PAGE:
How does going bankrupt affect my spouse?
Some couples may decide to file bankruptcy together. However, there are times in which only one spouse may have to file. This is usually the case when one spouse is in debt and the other really has nothing to do with it. It is especially important that one spouse not file bankruptcy if that spouse has protected assets and if there may be an inheritance on the horizon.
If that spouse would file bankruptcy, some of their assets would also be taken away and any inheritances received within the next seven years would be taken as well. This is because there are only a certain amount of assets allowed during a bankruptcy.
Fortunately, because spouses have separate credit files, only one spouse has to file and only that one spouse will have to face the brunt of the consequences. Even if the one filing bankruptcy benefits from the assets of the spouse not filing bankruptcy, those assets cannot be touched because they don't belong to the bankrupt.
However, it is sometimes feasible for a married couple to file bankruptcy together, especially if the debts of one spouse have affected the other. Many creditors find it necessary to go after one spouse for the other's debt. In other words, the creditors feel that both parties are responsible for the debt of one.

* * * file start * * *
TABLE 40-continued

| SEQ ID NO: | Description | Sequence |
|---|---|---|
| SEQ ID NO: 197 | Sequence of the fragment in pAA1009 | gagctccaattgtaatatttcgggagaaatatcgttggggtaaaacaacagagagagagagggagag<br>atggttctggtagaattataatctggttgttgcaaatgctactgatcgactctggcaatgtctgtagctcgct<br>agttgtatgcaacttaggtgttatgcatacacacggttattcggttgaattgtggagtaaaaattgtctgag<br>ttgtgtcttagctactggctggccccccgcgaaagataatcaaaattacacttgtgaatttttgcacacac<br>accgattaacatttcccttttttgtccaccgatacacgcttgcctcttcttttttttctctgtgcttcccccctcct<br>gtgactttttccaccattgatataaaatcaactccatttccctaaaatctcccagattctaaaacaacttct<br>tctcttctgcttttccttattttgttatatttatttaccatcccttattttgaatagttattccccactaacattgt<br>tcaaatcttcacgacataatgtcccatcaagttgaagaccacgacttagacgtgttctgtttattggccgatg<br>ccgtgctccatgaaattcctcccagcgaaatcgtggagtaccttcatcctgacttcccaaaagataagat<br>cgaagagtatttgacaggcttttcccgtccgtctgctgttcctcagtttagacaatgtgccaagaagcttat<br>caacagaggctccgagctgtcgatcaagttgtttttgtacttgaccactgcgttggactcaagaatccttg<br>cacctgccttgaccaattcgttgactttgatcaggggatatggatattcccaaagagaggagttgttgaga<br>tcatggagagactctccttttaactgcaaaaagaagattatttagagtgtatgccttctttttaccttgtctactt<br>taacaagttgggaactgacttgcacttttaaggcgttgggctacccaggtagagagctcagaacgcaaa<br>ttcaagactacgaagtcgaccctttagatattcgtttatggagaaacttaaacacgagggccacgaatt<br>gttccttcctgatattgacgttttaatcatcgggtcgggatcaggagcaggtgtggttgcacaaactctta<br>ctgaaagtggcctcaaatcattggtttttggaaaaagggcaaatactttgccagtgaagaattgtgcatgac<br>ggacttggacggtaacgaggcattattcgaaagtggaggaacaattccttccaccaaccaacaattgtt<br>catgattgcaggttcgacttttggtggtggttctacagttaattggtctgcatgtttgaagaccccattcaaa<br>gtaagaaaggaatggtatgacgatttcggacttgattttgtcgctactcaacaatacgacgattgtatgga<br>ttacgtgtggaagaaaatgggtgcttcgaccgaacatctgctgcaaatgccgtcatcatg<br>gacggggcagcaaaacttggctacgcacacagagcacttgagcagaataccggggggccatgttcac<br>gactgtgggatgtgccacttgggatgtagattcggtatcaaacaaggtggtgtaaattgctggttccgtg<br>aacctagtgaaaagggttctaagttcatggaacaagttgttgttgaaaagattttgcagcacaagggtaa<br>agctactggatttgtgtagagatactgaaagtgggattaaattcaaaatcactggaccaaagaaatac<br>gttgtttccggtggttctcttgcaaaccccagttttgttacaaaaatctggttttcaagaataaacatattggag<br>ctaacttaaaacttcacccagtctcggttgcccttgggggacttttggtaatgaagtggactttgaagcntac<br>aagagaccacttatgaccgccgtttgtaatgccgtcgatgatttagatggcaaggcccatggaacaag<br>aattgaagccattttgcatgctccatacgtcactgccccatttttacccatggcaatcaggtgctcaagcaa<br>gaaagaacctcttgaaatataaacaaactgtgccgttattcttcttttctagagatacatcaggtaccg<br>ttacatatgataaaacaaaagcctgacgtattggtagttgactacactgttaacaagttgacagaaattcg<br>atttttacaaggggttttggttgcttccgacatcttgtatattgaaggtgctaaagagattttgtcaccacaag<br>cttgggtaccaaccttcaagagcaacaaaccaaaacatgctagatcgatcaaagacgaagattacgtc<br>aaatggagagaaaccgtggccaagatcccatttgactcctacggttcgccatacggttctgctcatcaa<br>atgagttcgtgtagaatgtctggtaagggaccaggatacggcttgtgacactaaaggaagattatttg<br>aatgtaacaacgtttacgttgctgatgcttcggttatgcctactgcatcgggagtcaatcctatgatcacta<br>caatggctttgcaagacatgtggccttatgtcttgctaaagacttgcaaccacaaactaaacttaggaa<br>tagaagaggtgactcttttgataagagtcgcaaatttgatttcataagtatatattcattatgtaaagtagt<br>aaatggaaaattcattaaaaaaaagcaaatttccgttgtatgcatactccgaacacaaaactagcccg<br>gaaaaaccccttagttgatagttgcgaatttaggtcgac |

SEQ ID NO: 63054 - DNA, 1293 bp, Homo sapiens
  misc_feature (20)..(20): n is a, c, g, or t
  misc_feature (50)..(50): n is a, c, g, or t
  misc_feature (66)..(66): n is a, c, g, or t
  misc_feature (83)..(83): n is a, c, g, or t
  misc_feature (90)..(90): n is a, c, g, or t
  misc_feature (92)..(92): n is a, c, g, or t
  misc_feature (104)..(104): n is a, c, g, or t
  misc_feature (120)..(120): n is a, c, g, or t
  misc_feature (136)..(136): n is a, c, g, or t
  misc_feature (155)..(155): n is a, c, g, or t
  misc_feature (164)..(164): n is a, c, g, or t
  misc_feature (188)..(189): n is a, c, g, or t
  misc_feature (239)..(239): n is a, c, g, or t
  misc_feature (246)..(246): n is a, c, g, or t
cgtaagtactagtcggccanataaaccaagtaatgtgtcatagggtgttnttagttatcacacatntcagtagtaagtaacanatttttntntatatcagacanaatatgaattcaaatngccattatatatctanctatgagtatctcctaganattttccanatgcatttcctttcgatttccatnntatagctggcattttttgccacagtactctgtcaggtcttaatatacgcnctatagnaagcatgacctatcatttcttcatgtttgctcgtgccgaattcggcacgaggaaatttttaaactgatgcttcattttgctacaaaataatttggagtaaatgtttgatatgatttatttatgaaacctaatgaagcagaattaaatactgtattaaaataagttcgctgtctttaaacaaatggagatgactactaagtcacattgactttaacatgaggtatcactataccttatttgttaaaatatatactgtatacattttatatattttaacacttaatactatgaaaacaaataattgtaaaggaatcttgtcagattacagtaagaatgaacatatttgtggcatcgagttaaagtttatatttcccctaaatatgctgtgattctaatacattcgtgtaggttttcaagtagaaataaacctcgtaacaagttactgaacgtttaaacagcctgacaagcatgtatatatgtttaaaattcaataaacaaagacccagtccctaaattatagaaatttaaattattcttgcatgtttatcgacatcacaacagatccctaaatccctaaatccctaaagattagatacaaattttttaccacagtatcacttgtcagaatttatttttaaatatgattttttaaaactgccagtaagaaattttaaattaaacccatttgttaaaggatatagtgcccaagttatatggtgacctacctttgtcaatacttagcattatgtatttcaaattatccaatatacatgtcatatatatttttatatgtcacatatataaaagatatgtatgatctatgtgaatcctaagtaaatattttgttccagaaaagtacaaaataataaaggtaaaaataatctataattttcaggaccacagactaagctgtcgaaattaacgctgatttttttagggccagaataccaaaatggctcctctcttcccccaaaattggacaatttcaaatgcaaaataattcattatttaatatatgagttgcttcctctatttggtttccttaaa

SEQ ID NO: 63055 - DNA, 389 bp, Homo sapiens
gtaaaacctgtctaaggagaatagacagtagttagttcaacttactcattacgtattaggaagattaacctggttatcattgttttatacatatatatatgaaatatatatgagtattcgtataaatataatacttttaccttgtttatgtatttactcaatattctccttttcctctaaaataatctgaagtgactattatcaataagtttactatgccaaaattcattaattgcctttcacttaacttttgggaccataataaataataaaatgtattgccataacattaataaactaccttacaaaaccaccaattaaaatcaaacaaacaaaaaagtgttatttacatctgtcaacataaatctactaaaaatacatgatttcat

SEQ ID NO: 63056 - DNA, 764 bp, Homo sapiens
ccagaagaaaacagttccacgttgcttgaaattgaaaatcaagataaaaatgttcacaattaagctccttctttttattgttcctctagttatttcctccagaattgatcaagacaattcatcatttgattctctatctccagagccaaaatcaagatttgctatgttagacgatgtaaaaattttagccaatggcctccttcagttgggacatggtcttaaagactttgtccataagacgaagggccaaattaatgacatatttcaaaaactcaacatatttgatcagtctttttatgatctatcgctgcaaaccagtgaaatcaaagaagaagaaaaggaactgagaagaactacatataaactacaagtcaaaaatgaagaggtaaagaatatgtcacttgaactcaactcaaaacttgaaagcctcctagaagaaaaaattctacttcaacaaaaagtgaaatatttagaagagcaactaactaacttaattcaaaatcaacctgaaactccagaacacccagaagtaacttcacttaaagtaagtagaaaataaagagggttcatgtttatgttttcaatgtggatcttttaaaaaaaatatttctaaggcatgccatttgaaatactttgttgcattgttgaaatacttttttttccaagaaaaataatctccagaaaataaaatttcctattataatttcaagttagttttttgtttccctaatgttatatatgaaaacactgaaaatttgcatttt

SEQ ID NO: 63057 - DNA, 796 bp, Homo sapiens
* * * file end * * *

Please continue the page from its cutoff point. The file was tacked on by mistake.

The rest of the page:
In the case of divorce where child support, alimony, and palimony are at stake, a judge will not discharge the debt of someone wanting to get out of family obligations. These obligations must be paid no matter what. Bankruptcy during divorce can become even more complicated, especially if there are no prenuptial agreements in place.
Either way, the spouse of the one filing bankruptcy is affected in many ways. Even if their assets are not touched, the creditors will continue to hassle that individual to pay the debt. Although they cannot contact the bankrupt, they may not hesitate to contact the spouse. Many file bankruptcy jointly just for this reason; they don't want to be harassed anymore, but that is only if they are willing to be placed under the thumb of the system for seven years. This means restrictions on vacations, especially when leaving the country. This also means only being allowed to have a certain amount in assets, which could result in losing inheritances and other types of earnings. This also has a severe impact on employment, which is probably the scariest part of the entire ordeal.
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